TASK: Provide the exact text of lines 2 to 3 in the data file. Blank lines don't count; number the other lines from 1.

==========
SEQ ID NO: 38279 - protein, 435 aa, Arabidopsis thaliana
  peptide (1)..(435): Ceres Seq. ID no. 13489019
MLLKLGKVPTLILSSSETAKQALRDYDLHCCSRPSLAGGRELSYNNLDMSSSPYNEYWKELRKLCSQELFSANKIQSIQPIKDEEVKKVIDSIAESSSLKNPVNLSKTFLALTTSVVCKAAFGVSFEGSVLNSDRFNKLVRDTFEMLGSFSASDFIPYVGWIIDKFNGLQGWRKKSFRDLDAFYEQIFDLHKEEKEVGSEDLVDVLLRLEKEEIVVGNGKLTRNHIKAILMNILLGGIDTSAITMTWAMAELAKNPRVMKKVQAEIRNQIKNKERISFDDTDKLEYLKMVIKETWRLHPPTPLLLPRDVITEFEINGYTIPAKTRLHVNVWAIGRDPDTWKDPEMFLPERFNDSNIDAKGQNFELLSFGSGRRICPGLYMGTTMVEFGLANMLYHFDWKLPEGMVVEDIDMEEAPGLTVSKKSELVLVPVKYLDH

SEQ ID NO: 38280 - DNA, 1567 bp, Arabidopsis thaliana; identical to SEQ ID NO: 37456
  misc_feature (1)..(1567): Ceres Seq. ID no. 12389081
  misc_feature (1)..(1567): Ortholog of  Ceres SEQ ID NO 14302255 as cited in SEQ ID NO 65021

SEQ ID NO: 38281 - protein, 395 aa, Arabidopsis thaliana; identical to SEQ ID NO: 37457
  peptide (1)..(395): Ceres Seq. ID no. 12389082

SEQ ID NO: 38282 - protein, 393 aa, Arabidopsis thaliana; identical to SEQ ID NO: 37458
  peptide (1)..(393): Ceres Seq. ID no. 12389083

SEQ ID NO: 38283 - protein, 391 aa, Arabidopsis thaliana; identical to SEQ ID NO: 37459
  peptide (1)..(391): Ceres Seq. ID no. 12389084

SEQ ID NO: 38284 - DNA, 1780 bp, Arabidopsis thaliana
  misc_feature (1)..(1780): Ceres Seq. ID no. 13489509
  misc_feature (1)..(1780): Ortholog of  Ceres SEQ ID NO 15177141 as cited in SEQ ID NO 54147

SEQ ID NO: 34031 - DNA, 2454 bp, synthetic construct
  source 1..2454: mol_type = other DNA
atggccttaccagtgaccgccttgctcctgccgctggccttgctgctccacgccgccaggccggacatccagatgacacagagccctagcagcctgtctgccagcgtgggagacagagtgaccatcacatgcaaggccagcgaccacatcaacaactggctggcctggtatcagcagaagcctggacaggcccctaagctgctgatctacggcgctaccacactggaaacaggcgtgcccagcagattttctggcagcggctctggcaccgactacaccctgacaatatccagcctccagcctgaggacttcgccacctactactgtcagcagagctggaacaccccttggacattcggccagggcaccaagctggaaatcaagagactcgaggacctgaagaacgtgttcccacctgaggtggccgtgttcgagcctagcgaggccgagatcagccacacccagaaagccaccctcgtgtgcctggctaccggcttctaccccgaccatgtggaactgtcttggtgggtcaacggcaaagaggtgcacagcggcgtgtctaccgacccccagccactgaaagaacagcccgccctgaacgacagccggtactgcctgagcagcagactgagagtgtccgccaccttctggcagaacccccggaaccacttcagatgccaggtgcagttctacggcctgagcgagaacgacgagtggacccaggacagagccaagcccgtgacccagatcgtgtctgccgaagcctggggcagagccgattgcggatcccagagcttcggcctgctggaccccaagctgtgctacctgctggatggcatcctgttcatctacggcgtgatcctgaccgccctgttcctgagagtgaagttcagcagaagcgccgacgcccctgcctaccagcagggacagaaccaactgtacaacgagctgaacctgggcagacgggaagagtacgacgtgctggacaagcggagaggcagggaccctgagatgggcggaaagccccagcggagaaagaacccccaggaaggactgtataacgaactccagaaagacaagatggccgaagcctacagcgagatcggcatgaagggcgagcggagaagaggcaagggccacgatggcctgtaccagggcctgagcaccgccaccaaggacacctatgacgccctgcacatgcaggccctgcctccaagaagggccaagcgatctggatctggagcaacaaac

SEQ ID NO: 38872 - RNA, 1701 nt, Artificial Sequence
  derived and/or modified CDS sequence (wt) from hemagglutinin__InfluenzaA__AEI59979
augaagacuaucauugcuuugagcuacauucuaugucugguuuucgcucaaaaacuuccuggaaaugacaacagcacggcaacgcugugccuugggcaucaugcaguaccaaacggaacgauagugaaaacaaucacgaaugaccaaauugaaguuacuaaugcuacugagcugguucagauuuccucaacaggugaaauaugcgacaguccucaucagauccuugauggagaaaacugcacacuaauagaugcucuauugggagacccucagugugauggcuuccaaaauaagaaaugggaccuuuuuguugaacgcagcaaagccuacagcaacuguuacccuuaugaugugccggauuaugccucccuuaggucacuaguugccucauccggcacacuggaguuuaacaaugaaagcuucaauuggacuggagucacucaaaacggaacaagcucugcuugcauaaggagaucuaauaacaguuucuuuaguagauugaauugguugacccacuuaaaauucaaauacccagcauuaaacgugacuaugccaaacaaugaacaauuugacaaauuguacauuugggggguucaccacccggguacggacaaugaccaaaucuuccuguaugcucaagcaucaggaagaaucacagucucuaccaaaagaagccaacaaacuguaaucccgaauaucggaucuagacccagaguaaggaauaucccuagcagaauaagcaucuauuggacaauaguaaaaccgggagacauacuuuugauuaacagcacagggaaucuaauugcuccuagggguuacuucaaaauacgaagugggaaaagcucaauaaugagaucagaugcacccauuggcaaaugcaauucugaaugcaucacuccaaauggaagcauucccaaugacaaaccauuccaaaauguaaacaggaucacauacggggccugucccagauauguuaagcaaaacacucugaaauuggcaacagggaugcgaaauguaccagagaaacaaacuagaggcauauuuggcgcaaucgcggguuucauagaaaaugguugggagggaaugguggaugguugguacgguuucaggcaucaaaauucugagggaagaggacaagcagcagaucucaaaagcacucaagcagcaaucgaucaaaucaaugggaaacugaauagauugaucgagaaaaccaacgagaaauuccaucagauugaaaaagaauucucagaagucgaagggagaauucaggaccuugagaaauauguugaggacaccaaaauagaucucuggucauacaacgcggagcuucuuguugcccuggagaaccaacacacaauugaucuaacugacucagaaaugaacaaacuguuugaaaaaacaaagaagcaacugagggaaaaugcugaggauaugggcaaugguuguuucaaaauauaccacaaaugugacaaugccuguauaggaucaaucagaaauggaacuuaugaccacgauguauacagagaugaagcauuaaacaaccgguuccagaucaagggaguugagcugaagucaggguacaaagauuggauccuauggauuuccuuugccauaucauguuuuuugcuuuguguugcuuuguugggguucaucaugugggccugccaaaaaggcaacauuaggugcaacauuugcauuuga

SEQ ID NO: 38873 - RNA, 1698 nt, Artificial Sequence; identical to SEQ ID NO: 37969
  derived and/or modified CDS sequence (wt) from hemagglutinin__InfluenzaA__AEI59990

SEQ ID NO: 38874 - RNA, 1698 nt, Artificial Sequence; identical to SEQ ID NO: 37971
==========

  peptide (1)..(435): Ceres Seq. ID no. 13489019
MLLKLGKVPTLILSSSETAKQALRDYDLHCCSRPSLAGGRELSYNNLDMSSSPYNEYWKELRKLCSQELFSANKIQSIQPIKDEEVKKVIDSIAESSSLKNPVNLSKTFLALTTSVVCKAAFGVSFEGSVLNSDRFNKLVRDTFEMLGSFSASDFIPYVGWIIDKFNGLQGWRKKSFRDLDAFYEQIFDLHKEEKEVGSEDLVDVLLRLEKEEIVVGNGKLTRNHIKAILMNILLGGIDTSAITMTWAMAELAKNPRVMKKVQAEIRNQIKNKERISFDDTDKLEYLKMVIKETWRLHPPTPLLLPRDVITEFEINGYTIPAKTRLHVNVWAIGRDPDTWKDPEMFLPERFNDSNIDAKGQNFELLSFGSGRRICPGLYMGTTMVEFGLANMLYHFDWKLPEGMVVEDIDMEEAPGLTVSKKSELVLVPVKYLDH